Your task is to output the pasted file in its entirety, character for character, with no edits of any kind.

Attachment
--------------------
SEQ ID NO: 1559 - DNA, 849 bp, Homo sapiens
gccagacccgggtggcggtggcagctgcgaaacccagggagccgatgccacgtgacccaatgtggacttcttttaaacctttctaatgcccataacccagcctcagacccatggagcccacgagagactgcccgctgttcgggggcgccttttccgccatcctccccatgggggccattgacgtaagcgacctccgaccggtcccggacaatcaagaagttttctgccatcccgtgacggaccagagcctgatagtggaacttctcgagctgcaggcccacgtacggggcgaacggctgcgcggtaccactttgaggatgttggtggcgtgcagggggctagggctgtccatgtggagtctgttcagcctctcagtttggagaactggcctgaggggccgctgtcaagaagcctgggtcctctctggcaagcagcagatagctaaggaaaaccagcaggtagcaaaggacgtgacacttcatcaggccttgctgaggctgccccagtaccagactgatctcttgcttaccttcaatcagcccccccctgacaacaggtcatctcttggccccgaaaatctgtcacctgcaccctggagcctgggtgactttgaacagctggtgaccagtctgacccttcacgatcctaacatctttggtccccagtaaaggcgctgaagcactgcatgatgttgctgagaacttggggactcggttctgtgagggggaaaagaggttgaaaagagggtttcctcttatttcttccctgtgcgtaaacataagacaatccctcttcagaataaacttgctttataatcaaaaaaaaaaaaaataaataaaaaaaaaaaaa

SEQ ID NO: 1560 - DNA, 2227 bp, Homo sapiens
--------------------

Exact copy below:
SEQ ID NO: 1559 - DNA, 849 bp, Homo sapiens
gccagacccgggtggcggtggcagctgcgaaacccagggagccgatgccacgtgacccaatgtggacttcttttaaacctttctaatgcccataacccagcctcagacccatggagcccacgagagactgcccgctgttcgggggcgccttttccgccatcctccccatgggggccattgacgtaagcgacctccgaccggtcccggacaatcaagaagttttctgccatcccgtgacggaccagagcctgatagtggaacttctcgagctgcaggcccacgtacggggcgaacggctgcgcggtaccactttgaggatgttggtggcgtgcagggggctagggctgtccatgtggagtctgttcagcctctcagtttggagaactggcctgaggggccgctgtcaagaagcctgggtcctctctggcaagcagcagatagctaaggaaaaccagcaggtagcaaaggacgtgacacttcatcaggccttgctgaggctgccccagtaccagactgatctcttgcttaccttcaatcagcccccccctgacaacaggtcatctcttggccccgaaaatctgtcacctgcaccctggagcctgggtgactttgaacagctggtgaccagtctgacccttcacgatcctaacatctttggtccccagtaaaggcgctgaagcactgcatgatgttgctgagaacttggggactcggttctgtgagggggaaaagaggttgaaaagagggtttcctcttatttcttccctgtgcgtaaacataagacaatccctcttcagaataaacttgctttataatcaaaaaaaaaaaaaataaataaaaaaaaaaaaa

SEQ ID NO: 1560 - DNA, 2227 bp, Homo sapiens